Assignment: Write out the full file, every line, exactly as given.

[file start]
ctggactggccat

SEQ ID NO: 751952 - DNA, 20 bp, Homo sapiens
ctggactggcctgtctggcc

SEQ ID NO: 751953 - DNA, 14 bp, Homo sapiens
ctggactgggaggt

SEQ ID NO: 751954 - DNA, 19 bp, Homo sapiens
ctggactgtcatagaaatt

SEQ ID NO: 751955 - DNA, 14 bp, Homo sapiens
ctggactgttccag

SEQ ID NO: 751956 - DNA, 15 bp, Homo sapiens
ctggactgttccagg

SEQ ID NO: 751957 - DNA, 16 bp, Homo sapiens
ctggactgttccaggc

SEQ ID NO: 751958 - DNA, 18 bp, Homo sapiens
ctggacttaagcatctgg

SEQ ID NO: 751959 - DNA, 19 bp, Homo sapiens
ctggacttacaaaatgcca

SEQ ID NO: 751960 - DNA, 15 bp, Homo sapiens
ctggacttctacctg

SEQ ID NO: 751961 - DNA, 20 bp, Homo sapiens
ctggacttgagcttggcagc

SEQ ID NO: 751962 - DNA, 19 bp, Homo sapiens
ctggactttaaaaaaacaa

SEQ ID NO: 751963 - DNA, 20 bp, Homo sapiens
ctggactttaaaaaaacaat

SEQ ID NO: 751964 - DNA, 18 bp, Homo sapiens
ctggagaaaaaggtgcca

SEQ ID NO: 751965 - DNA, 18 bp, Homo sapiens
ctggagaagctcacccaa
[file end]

ctggactggccat

SEQ ID NO: 751952 - DNA, 20 bp, Homo sapiens
ctggactggcctgtctggcc

SEQ ID NO: 751953 - DNA, 14 bp, Homo sapiens
ctggactgggaggt

SEQ ID NO: 751954 - DNA, 19 bp, Homo sapiens
ctggactgtcatagaaatt

SEQ ID NO: 751955 - DNA, 14 bp, Homo sapiens
ctggactgttccag

SEQ ID NO: 751956 - DNA, 15 bp, Homo sapiens
ctggactgttccagg

SEQ ID NO: 751957 - DNA, 16 bp, Homo sapiens
ctggactgttccaggc

SEQ ID NO: 751958 - DNA, 18 bp, Homo sapiens
ctggacttaagcatctgg

SEQ ID NO: 751959 - DNA, 19 bp, Homo sapiens
ctggacttacaaaatgcca

SEQ ID NO: 751960 - DNA, 15 bp, Homo sapiens
ctggacttctacctg

SEQ ID NO: 751961 - DNA, 20 bp, Homo sapiens
ctggacttgagcttggcagc

SEQ ID NO: 751962 - DNA, 19 bp, Homo sapiens
ctggactttaaaaaaacaa

SEQ ID NO: 751963 - DNA, 20 bp, Homo sapiens
ctggactttaaaaaaacaat

SEQ ID NO: 751964 - DNA, 18 bp, Homo sapiens
ctggagaaaaaggtgcca

SEQ ID NO: 751965 - DNA, 18 bp, Homo sapiens
ctggagaagctcacccaa